Love a duck - but feed it the right food

Jack Webster (3), of Oamaru, feeds the ducks in the Oamaru Public Gardens on Thursday.  Photo:...
Jack Webster (3), of Oamaru, feeds the ducks in the Oamaru Public Gardens on Thursday. Photo: Hamish MacLean
There's a right way and a wrong way to feed a duck.

And too many people are feeding ducks the wrong way, Topflite general manager Greg Webster said.

The North Otago family-owned pet-food business - New Zealand’s first commercial producers of duck-specific food - has offered the Waitaki District Council a free trial of its product, Lucky Duck, to help get the message out that feeding ducks white bread was "doing more harm than good".

Wild-bird feed was a growing market in the pet food industry as Kiwis began taking the feeding of birds in their backyards more seriously, Mr Webster said, and about 18 months ago the company began producing duck food,  blending seeds, grains and duck pellets,  to meet  market demand.

"In the last year it has really taken off. I guess there’s been a lot of coverage in the media on the bird population and the whole cat, Gareth Morgan’s cat campaign ... that all goes with that whole awareness, I think," Mr Webster said.

"It’s a good way to get involved with wildlife, I guess. It’s not a pet that you’ve got to look after."

Oxford Bird Rescue’s Scott Bowman said he endorsed a nationwide strategy involving local councils to change people’s behaviour and that the public was "slowly" getting the message to change their duck-feeding practices.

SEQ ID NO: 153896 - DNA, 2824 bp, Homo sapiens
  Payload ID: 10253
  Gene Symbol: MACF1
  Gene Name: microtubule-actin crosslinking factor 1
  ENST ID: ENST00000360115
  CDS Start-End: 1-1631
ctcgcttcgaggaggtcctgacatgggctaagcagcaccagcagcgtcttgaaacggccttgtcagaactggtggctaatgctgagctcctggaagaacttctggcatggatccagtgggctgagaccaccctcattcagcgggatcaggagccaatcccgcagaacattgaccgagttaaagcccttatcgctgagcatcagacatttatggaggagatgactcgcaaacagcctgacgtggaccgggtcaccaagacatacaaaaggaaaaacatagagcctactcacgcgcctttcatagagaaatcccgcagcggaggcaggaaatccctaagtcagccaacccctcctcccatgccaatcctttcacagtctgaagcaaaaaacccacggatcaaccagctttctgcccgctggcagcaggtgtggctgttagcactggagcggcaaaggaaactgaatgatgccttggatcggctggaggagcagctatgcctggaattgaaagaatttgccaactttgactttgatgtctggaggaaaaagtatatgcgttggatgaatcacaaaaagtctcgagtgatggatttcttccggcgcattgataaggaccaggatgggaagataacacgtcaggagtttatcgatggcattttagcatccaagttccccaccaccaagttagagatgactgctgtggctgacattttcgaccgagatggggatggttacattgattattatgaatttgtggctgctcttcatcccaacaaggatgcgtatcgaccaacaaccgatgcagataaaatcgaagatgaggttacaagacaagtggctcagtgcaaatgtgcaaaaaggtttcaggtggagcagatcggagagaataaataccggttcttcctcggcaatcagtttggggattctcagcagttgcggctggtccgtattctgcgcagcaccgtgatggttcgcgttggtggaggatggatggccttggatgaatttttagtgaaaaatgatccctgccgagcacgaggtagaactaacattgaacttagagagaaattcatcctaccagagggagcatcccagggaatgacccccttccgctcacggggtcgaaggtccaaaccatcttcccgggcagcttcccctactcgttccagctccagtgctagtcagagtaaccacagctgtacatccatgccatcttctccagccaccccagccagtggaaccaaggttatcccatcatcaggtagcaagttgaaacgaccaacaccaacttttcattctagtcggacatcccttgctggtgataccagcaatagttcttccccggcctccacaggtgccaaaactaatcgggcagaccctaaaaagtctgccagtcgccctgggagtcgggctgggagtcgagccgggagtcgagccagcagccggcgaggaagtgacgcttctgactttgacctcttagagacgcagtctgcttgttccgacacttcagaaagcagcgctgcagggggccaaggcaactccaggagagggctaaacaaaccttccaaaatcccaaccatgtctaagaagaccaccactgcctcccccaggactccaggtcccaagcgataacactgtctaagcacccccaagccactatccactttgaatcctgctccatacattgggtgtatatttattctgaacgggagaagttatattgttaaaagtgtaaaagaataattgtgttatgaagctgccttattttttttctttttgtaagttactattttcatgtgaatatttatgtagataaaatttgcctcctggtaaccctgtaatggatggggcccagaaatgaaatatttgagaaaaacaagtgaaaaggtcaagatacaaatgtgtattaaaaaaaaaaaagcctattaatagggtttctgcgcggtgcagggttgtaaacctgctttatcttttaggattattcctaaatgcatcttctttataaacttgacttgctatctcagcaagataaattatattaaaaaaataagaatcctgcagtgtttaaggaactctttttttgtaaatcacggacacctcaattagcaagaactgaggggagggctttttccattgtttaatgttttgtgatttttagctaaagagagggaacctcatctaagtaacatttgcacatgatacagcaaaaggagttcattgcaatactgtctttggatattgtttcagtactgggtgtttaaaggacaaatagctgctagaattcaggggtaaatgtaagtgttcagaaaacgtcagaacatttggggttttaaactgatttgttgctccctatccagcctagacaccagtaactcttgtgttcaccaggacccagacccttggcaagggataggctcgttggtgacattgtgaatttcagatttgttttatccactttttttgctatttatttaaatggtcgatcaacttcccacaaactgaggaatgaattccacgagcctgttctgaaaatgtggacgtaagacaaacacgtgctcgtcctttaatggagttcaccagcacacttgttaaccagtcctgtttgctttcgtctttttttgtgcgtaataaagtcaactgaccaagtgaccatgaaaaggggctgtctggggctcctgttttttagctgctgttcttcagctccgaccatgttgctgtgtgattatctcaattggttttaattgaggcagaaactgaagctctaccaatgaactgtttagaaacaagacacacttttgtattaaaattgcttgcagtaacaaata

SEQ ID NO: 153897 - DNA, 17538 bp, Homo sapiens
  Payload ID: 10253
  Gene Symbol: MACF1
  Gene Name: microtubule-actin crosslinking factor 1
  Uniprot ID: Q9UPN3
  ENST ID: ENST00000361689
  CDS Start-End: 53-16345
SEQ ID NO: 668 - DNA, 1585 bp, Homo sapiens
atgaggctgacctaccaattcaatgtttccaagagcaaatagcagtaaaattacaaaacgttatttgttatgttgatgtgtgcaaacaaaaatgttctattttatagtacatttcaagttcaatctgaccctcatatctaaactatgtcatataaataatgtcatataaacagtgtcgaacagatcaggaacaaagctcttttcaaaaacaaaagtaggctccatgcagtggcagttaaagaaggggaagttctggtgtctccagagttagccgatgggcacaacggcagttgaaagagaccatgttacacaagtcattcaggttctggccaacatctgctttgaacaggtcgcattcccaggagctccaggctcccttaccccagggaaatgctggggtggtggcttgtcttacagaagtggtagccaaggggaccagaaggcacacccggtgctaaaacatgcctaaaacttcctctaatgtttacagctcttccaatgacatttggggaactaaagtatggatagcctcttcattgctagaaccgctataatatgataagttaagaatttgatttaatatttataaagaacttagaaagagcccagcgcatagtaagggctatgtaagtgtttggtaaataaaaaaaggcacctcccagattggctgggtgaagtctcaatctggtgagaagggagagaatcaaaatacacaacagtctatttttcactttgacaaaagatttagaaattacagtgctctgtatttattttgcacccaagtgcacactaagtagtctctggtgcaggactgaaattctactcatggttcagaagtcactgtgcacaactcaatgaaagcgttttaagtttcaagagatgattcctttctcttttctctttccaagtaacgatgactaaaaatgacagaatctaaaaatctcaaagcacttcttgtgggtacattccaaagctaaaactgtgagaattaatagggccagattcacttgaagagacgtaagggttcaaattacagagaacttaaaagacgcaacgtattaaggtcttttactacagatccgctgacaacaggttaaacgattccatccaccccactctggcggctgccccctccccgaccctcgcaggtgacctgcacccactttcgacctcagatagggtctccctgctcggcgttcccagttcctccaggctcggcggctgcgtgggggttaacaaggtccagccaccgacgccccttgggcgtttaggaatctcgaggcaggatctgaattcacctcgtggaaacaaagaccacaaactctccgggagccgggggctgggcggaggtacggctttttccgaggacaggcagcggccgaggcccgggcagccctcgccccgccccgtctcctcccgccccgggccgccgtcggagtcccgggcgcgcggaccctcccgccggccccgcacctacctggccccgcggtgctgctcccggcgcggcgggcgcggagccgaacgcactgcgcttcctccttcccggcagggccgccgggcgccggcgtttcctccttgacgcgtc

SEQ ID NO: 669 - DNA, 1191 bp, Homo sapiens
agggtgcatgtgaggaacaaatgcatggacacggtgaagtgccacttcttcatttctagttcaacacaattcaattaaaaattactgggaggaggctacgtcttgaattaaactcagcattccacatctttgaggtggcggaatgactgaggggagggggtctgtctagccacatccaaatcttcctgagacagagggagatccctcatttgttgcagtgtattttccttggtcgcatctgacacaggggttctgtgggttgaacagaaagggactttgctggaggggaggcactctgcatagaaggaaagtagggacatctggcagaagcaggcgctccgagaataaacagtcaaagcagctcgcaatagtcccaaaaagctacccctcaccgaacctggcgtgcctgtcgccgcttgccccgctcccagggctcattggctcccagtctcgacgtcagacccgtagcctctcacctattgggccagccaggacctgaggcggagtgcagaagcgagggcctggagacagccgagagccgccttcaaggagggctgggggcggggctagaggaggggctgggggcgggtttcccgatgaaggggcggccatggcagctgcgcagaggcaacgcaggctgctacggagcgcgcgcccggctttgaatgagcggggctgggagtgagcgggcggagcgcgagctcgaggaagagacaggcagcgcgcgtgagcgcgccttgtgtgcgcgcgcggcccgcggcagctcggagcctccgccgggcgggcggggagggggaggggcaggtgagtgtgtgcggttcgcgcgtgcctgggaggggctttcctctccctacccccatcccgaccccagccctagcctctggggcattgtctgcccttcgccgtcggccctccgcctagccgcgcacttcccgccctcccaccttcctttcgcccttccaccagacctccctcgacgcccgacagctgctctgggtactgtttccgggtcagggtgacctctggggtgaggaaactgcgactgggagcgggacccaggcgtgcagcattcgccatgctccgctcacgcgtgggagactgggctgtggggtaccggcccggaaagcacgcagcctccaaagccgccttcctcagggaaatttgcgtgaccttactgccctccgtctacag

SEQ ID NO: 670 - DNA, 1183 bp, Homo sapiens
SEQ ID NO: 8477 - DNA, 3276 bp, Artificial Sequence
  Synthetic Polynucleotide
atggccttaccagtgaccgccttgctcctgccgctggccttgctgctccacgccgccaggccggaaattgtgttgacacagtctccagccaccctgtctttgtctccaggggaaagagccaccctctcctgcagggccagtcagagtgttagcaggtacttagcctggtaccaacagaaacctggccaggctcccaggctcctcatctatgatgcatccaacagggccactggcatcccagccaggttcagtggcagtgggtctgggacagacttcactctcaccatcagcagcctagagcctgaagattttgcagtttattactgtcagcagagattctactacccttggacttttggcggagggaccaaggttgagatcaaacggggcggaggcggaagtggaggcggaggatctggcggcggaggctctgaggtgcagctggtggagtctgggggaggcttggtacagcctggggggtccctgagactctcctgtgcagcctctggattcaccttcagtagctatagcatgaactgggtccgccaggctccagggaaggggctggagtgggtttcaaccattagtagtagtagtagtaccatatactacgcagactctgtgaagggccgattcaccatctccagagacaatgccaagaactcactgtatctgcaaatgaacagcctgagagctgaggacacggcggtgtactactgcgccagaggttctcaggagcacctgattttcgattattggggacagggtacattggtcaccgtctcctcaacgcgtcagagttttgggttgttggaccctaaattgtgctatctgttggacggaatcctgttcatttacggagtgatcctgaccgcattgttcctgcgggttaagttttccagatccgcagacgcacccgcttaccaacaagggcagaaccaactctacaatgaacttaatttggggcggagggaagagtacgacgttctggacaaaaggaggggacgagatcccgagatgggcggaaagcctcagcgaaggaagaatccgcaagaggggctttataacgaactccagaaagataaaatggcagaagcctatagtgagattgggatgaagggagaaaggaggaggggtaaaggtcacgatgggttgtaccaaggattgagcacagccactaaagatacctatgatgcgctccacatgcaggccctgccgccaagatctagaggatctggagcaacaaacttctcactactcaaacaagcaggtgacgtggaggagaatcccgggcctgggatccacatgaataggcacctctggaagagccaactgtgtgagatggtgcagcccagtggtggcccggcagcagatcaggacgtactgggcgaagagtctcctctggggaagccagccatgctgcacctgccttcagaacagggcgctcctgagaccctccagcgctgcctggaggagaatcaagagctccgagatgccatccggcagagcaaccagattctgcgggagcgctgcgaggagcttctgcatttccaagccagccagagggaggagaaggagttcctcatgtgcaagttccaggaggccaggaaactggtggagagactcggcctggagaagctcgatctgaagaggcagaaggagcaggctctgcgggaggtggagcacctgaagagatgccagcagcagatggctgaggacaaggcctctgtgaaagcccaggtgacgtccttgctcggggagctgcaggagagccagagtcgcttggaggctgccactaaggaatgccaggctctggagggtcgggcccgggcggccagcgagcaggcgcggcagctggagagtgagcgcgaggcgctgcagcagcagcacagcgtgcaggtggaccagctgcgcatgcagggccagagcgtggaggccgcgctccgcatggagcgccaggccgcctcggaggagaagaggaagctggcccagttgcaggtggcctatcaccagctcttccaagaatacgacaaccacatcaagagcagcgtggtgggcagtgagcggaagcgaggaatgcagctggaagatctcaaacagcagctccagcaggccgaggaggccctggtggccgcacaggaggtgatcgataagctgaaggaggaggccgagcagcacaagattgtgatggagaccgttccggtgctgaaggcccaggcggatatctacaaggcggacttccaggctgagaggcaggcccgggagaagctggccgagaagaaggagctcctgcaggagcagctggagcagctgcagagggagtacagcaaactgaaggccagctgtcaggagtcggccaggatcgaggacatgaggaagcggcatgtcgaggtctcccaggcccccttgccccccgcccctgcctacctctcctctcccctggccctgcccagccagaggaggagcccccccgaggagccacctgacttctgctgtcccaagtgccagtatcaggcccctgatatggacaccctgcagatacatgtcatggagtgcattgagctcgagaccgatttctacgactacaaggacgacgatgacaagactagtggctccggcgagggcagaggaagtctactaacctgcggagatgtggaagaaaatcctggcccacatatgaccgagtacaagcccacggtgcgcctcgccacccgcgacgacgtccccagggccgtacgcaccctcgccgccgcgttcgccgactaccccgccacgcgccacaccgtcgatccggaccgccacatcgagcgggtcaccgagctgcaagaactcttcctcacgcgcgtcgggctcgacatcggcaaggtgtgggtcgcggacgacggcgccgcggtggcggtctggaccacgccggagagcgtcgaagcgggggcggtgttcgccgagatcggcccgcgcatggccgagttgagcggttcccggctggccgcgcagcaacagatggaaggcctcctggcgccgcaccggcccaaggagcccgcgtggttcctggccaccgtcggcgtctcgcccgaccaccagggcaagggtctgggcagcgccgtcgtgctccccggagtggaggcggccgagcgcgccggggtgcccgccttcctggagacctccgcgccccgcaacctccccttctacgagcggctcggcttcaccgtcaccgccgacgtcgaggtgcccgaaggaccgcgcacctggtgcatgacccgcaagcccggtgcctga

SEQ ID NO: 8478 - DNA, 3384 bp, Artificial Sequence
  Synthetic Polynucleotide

The wild-bird rehabilitation facility cared for "between 300 and 400 sick, injured or abandoned ducks each season" but still received "outraged comments" from Kiwis who were used to tossing bread into a pond at a park for the birds.

Kiwis’ feeding methods should change too, he said.

Rather than throwing food into the water, feed should be scattered on the ground to encourage the natural foraging behaviour of ducks.

A Waitaki District Council spokeswoman said signs were erected near the pond in the Oamaru Public Gardens discouraging people from giving ducks bread and confirmed the council had been offered a free trial of the duck food this week.

"We’re going to take a look at it and will make contact with them in the next week or so," she said.

In April last year, the Oamaru Mail reported Puff N Stuff Chelmer Street Discounters owner Pam Kennedy gave out bags of Topflite duck food to people visiting the nearby gardens.

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